Since theBRAIN Initiative's
launch in 2013, FAS Research Development has disseminated information via this newsletter about all of the funding opportunities related to the initiative. We send this newsletter to a targeted list of faculty, includingfaculty affiliatesof theCenter for Brain Science(CBS) and theMind Brain Behavior(MBB) Interfaculty Initiative. This project is being carried out in collaboration with the Center for Brain Science. Please feel free to forward this newsletter to interested colleagues. All Harvard University faculty and administrators may subscribe here, and recipients may unsubscribe at any time. For an archive of past newsletters, or for information about additional Research Development support (finding funding, proposal development resources, etc.), please visit the Research Development website.
Sponsor Deadline for Letters of Intent (requested): 30 days prior to application due date
Sponsor Deadlines for Full Proposals: February 1, 2018; October 4, 2018
OSP Deadline: 5 business days prior to submission
Award Information: Application budgets are not limited but need to reflect the actual needs of the proposed project. The maximum project period is 3 years. Issuing IC and partner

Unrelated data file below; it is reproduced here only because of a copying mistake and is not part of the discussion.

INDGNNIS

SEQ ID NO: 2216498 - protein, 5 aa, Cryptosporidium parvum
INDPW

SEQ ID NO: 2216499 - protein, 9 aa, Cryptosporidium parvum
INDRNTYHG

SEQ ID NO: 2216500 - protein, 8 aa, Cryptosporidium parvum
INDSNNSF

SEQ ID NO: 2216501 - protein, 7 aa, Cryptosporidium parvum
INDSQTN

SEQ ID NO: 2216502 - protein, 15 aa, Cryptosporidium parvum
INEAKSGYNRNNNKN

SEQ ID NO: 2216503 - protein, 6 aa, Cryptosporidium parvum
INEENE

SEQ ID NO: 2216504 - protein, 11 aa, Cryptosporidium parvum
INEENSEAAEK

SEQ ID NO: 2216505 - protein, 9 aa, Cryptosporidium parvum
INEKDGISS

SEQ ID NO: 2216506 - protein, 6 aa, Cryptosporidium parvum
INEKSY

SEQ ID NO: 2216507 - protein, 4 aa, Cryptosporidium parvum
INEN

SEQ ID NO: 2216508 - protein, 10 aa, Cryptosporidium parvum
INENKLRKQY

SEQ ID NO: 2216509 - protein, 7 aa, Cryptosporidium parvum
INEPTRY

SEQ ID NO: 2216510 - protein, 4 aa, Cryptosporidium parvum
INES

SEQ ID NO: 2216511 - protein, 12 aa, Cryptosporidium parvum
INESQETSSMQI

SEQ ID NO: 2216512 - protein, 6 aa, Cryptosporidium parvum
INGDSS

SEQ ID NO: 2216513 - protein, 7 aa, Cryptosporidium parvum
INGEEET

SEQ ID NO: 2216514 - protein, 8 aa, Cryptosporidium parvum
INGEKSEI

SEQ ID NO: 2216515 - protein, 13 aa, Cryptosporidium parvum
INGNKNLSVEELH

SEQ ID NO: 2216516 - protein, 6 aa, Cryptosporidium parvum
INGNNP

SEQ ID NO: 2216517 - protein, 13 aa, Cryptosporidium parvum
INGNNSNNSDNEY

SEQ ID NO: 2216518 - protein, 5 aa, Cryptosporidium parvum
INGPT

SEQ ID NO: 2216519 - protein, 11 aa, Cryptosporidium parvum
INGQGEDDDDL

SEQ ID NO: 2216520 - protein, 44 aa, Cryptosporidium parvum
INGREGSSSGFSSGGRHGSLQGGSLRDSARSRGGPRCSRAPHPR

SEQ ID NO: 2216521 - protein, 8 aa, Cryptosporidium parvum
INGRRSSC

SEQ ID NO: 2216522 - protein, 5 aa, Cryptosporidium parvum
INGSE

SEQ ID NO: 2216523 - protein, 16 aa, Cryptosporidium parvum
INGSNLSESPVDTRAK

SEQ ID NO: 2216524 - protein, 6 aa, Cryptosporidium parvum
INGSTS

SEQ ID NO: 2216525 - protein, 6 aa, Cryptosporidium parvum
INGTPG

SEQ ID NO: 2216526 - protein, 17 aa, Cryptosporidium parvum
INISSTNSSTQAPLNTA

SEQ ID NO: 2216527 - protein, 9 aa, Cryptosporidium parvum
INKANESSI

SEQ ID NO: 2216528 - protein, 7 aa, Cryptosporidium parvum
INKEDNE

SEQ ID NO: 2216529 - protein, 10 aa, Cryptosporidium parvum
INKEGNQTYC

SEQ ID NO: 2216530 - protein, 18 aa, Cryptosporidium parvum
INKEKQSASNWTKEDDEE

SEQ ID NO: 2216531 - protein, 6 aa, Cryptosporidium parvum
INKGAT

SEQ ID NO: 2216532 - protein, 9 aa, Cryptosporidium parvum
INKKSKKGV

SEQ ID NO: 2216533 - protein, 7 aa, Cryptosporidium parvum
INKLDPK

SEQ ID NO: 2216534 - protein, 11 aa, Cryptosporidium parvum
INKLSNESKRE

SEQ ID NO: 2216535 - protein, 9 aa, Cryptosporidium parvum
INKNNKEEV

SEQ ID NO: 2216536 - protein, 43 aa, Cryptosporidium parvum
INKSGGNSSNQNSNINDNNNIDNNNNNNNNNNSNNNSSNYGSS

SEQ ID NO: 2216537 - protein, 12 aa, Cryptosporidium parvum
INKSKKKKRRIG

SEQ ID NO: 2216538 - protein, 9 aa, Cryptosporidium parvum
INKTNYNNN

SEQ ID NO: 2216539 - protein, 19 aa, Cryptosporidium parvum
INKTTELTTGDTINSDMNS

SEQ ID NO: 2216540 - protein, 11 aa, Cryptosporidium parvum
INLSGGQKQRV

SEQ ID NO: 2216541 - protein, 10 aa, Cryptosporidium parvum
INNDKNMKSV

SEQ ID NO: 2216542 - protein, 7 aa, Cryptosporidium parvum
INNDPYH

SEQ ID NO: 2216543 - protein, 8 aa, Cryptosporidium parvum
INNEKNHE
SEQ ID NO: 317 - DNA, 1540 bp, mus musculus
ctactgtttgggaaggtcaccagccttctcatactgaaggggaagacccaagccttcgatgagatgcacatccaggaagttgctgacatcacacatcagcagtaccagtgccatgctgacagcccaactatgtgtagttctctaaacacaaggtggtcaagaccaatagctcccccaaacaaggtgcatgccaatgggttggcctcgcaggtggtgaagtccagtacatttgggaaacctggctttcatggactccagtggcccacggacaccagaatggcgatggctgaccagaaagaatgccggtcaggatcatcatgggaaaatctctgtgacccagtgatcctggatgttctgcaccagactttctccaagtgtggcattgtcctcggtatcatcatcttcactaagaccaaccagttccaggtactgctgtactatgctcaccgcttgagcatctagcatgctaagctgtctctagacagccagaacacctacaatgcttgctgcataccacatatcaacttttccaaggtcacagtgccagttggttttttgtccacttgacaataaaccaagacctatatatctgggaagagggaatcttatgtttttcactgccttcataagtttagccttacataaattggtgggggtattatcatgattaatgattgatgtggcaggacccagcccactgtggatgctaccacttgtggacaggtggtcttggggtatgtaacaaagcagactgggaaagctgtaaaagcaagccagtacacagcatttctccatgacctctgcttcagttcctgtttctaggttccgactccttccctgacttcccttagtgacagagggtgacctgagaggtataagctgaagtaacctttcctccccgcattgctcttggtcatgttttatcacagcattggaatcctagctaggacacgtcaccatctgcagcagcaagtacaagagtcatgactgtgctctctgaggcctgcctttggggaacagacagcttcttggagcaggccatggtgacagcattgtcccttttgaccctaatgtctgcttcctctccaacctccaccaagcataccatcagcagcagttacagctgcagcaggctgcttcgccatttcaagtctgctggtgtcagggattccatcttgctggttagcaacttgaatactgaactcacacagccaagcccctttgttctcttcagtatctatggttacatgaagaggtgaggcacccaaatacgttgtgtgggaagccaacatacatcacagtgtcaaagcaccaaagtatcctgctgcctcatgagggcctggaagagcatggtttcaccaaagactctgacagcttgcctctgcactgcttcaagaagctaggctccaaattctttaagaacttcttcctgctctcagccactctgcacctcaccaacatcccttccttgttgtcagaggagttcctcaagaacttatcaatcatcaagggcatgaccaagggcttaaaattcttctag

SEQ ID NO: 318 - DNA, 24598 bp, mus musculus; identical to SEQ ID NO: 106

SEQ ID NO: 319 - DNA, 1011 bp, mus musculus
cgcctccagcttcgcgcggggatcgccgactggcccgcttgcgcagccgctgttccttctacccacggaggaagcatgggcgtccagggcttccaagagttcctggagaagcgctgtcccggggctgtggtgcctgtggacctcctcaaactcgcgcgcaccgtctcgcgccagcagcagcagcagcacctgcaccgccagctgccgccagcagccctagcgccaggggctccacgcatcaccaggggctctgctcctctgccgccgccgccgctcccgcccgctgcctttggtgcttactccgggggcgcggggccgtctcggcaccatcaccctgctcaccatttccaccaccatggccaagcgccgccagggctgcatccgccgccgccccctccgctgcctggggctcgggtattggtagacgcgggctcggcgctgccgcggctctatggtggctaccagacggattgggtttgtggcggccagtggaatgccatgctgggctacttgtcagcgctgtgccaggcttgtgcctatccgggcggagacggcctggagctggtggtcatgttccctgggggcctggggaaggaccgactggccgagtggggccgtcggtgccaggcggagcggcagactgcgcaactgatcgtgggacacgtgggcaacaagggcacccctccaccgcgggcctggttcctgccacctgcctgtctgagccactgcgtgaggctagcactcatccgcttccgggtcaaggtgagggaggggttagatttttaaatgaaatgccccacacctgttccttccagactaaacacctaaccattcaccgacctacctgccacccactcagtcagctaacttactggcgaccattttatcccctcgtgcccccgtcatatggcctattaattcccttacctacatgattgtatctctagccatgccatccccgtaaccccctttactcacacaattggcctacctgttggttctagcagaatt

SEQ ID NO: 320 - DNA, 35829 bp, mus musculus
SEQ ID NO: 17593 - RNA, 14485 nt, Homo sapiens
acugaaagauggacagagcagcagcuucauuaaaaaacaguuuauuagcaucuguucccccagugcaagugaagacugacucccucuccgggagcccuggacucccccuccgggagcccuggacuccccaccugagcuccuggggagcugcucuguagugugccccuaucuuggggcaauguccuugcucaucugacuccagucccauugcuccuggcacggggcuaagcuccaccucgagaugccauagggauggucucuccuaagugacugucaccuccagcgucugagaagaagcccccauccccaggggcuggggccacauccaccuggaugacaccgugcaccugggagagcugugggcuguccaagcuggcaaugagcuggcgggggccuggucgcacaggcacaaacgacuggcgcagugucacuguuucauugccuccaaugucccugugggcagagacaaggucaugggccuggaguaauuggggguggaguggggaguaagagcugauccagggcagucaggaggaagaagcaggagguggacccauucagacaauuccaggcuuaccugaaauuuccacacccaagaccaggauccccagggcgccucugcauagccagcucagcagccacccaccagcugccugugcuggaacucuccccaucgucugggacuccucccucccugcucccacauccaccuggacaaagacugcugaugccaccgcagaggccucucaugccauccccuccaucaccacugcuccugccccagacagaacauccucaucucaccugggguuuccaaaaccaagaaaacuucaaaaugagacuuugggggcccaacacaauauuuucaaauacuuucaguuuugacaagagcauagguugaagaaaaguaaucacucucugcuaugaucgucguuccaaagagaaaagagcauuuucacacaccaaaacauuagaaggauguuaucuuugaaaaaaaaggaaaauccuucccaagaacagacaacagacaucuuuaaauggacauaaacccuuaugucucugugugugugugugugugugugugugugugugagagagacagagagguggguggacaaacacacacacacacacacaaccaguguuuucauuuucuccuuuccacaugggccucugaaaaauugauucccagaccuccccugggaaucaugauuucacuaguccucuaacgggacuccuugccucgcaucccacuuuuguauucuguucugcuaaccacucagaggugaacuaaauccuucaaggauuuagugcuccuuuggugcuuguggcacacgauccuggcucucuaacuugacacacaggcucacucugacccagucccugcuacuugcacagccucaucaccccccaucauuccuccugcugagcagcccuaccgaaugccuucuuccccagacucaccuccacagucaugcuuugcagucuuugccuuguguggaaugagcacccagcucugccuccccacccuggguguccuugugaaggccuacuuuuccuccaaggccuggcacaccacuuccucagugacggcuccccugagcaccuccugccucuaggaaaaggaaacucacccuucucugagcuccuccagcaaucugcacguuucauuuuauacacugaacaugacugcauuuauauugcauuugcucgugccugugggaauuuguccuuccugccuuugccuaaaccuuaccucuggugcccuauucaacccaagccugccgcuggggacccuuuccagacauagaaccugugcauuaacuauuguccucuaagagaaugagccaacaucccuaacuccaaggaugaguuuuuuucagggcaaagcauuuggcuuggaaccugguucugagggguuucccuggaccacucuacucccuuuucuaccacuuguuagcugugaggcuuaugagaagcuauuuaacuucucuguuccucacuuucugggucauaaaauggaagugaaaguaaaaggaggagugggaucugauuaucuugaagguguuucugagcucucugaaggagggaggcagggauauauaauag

components intend to commit an estimated total of $8M to fund 10 awards.
The purpose of this Funding Opportunity Announcement (FOA) submitted through the Brain Research through Advancing Innovative Neurotechnologies (BRAIN) Initiative is to stimulate the development and validation of novel tools and analytical methods to target, identify and characterize non-neuronal cells in the brain. This FOA complements previous and ongoing cell-census and tool development efforts initiated under BRAIN,
RFA-MH-14-216, that have focused almost exclusively on neuronal cells. The cutting-edge tools and methods developed under this opportunity should focus specifically on providing improved points of entry into non-neuronal cell-types (glial and vascular) to enable their inventory and characterization within the CNS and help define how these cells interact among each other and with neuronal cells to impact functional circuitries. Plans for validating the utility of the tool/technology/method and demonstrating its advantage over currently available approaches will be an essential feature of a successful application. Tools that can be used in several species or model organisms rather than in a single species are especially desirable.